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Beijing Opera 

Beijing Opera is considered as the national opera of China. It has a history of more than 200 years. Before its birth, there were already quite a few opera forms popular in Beijing, most notably Kunqu opera and Yiyangqiang opera. The elegance and refinement of the Kunqu opera especially appealed to the nobility at that time and gradually developed itself into a form satisfying a limited audience. The Yiyangqiang opera, with its simplicity and easiness to understand, was widely enjoyed by the populace. 

In the year 1790, an opera troupe from Anhui came to Beijing to give a touring performance. The leader of the troupe, Gao Langting, absorbed the strong points of other opera forms and incorporated much Beijing dialect vocabulary into his verse. This not only expanded the expressiveness of Anhui opera, but also quickly established it as the main opera form in Beijing. The position was further consolidated by three other Anhui opera troupes that came to Beijing in the subsequent years. Anhui opera thus became the prototype of Beijing opera. 

In the year of 1828, led by an array of performing stars, the Chuqiang opera that was popular in Jiangsu, Zhejiang, Anhui, Jiangxi and Hubei began to conquer the Beijing stage. By first sharing the stage with, then complementing and finally combining with the existing Anhui opera, this Chuqiang opera became the other parent of the Beijing Opera. Beijing Opera was finally formally baptized in 1845. 

From 1845 to 1894, Beijing Opera underwent rapid development and technical refinement. Accompanied with it was the outburst of distinguished performing artists who helped to set the rules and standards of Beijing Opera. With the contribution of generations of performing artists, Beijing Opera finally became what we see today – a performing art that integrates singing, dialogue, acting and acrobatic combat. 

Classification of roles

Unlike the western grand opera in which the performing artist are different from on another according to their vocal range, Beijing Opera performing artists are rather differentiated according to the characters they play. The definition of soprano, mezzo-soprano, contralto, tenor, baritone and bass, which are essential to the western grand opera, does not apply to Beijing Opera. Rather, the performers of Beijing Opera fall into four major groups: Sheng, Dan, Jing and Chou.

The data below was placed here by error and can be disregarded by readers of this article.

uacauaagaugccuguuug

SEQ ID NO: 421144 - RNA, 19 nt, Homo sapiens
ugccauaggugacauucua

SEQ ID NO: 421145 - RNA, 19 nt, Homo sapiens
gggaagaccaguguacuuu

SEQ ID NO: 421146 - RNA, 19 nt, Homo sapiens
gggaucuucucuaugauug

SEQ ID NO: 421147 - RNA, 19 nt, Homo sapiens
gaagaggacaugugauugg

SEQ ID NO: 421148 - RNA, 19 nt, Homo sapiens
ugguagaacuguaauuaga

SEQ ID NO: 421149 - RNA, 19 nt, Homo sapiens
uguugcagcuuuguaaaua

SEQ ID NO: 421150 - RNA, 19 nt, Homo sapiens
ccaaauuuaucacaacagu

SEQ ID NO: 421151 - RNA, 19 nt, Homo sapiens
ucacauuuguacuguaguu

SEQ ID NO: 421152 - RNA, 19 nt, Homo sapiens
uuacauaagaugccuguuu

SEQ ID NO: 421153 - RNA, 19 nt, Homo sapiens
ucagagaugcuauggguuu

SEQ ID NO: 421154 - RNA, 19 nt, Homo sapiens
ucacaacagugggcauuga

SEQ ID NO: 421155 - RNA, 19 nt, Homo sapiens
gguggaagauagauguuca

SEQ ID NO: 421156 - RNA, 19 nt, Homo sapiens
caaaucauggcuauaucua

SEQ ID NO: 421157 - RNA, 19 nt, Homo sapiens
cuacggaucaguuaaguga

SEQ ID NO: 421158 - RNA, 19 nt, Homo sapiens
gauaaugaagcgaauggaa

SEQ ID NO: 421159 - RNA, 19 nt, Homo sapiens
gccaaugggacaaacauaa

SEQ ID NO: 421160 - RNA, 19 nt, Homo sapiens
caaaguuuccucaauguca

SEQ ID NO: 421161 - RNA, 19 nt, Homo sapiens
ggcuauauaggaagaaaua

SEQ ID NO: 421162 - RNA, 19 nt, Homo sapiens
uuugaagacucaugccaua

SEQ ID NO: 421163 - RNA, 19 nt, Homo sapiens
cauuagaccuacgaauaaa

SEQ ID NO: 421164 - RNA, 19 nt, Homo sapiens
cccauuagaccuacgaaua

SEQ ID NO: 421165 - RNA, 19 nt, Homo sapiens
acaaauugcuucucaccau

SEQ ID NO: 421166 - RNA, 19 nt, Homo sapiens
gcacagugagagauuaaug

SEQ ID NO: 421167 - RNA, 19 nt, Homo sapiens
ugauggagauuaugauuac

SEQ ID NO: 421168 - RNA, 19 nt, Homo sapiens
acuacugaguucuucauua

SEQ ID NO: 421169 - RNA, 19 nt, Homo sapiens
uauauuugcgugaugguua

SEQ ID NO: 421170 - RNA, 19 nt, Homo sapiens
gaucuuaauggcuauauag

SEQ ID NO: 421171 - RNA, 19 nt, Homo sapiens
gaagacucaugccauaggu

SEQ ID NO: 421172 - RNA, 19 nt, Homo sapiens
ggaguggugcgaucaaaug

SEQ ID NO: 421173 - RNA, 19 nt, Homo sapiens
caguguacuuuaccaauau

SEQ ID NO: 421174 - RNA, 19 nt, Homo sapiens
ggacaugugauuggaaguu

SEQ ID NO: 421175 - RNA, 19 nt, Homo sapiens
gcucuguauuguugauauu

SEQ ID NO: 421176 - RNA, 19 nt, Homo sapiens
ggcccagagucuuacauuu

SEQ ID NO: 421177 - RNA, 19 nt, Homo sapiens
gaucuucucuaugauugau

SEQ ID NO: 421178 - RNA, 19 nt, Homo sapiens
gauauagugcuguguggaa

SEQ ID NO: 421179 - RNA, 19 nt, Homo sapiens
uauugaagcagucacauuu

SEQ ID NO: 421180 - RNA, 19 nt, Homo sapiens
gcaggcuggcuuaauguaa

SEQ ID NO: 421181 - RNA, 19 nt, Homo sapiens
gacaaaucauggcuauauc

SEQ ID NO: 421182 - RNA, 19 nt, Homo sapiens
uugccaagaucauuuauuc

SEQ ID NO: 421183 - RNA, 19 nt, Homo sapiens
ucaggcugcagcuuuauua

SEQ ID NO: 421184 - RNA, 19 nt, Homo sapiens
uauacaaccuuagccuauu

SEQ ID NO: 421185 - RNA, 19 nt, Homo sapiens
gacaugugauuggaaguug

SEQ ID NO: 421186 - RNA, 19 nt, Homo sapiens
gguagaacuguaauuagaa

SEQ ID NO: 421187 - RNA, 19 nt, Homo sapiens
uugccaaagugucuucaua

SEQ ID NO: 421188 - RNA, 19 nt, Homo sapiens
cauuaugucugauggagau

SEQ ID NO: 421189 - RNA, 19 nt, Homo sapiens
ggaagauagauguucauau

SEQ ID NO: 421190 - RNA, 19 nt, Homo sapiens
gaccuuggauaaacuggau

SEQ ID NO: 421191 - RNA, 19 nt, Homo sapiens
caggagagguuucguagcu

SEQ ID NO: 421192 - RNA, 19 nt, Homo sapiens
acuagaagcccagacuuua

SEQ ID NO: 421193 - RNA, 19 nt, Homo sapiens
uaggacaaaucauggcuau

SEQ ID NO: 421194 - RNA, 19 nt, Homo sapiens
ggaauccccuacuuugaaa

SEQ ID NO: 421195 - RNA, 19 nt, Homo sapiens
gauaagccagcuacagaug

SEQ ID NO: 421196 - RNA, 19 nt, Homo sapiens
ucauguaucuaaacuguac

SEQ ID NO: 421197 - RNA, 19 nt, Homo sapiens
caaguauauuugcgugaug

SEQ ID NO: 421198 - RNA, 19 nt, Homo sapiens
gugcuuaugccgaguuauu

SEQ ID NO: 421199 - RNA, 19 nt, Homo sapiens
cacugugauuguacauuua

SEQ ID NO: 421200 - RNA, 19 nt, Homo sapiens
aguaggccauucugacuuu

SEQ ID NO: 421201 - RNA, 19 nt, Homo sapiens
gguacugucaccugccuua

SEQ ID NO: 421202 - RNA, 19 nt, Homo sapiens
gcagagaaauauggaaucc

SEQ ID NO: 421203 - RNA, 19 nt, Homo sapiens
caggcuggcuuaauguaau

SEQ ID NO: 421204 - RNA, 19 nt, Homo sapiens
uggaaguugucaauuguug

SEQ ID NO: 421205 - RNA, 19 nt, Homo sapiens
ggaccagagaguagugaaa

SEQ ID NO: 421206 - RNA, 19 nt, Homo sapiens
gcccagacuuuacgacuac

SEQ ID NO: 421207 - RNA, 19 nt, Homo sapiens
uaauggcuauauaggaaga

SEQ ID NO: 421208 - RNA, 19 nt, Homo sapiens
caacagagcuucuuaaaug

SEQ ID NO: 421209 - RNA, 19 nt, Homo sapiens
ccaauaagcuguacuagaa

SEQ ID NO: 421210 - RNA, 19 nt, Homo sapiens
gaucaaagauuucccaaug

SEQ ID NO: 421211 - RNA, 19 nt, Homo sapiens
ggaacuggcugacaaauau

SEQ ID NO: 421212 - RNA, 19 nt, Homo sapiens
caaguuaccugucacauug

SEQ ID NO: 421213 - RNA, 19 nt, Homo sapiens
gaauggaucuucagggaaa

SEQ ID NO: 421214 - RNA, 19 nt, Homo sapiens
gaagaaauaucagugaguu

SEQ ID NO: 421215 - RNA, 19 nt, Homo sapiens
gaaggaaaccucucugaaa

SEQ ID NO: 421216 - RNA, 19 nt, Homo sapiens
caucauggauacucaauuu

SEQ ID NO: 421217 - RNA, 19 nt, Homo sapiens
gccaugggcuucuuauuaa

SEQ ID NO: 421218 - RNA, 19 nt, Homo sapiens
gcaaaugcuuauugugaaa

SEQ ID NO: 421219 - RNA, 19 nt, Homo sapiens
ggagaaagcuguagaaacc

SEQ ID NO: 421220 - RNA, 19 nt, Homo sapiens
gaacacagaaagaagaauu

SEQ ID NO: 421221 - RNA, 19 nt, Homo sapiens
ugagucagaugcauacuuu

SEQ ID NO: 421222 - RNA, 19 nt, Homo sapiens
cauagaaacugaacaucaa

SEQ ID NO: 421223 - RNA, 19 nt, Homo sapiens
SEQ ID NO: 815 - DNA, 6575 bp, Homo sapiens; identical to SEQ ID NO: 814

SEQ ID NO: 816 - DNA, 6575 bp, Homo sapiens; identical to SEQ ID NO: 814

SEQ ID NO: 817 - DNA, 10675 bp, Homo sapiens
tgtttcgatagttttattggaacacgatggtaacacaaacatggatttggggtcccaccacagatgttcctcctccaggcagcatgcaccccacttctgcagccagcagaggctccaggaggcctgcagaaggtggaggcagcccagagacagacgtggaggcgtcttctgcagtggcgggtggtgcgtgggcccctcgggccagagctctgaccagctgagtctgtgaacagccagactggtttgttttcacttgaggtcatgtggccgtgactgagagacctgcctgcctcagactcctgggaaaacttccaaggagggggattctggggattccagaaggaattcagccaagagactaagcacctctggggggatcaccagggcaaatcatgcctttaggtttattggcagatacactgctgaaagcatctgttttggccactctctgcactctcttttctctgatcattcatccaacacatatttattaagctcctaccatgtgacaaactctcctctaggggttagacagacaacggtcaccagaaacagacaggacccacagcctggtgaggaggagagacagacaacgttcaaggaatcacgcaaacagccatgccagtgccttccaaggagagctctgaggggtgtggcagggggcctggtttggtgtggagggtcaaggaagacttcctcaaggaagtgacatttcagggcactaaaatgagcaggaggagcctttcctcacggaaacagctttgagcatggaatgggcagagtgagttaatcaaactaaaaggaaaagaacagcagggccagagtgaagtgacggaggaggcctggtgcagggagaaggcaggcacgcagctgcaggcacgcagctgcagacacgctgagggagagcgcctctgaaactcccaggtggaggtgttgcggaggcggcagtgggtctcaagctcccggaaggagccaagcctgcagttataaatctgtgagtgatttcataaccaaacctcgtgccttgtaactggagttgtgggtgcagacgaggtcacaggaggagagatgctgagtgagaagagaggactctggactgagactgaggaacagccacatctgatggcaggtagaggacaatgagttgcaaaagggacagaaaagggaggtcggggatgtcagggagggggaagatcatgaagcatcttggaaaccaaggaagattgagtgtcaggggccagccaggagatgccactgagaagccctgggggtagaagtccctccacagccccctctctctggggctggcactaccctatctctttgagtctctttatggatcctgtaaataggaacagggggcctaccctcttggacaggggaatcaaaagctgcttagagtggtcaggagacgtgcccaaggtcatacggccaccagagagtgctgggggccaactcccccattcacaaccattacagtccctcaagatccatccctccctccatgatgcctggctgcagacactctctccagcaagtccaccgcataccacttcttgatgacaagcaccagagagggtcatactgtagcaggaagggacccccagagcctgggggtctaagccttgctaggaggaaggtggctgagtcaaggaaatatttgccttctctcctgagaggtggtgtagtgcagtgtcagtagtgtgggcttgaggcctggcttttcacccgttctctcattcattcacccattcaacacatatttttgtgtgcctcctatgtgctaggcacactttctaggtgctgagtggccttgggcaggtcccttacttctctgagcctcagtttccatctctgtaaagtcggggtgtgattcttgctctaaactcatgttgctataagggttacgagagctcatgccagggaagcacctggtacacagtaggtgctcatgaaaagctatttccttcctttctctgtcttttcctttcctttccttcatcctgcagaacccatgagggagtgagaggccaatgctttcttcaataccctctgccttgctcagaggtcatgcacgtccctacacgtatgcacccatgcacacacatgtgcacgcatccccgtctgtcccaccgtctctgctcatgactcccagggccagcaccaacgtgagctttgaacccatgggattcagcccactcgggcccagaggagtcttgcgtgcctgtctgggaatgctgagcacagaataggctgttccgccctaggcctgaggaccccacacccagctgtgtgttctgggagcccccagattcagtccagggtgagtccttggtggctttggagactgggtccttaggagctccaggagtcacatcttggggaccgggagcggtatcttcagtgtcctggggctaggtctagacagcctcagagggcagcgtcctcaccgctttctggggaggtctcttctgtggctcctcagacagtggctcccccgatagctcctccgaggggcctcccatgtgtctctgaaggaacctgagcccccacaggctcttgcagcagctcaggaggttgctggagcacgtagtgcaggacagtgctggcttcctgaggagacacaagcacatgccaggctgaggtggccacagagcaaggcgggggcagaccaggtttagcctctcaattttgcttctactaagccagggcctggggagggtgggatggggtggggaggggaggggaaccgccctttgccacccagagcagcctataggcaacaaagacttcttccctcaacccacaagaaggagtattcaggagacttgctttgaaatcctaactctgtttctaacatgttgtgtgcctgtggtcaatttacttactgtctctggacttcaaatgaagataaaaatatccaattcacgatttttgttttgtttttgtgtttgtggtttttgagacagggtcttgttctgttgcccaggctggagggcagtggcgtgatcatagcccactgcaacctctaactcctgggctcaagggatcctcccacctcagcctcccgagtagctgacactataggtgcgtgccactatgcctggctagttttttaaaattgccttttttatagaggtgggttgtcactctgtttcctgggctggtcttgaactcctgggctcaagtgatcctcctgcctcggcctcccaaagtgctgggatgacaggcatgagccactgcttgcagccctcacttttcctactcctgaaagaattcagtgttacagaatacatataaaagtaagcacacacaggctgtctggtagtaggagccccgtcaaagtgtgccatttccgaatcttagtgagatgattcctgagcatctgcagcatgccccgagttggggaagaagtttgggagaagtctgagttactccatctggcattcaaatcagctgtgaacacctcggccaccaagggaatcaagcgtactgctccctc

Sheng (the male lead) includes Lao sheng (old male lead), Xiao sheng (young male lead) and Wu sheng (combating male lead). Lao sheng usually refers to a middle-aged or an old-aged character in the play, who normally wears an artificial beard. Xiao sheng refers to a young male character and most of the artists in this category sing in falsetto. Wu sheng stands for a combating male lead.

Dan (the female lead) is subdivided into Qingyi, Huadan, Wudan and Laodan. A qingyi (literally translated as “blue-dressed”) usually plays female roles with a heavy load of singing such as virtuous wives and good mothers. Huadan (literally translated as “colorfully dress”) can include a variety of roles – from empresses and princesses to maids and country girls. Wudan refers to a combating female lead while laodan an aged female lead who sings with natural voice.

Jing (the painted face) represents men with distinctly different looks and characters such as generals and outlaws. They are called painted face because of their colorful facial make-ups.

Chou (the clown) represents humorous or evil roles.

   

Facial make-ups

A foreigner who watches a Beijing Opera performance for the first time is very like to be stunned by the colorful facial make-ups of the performers, especially those playing the Jing roles. The colors applied, however, do more than merely odd an exotic atmosphere to the play. They actually carry different meanings.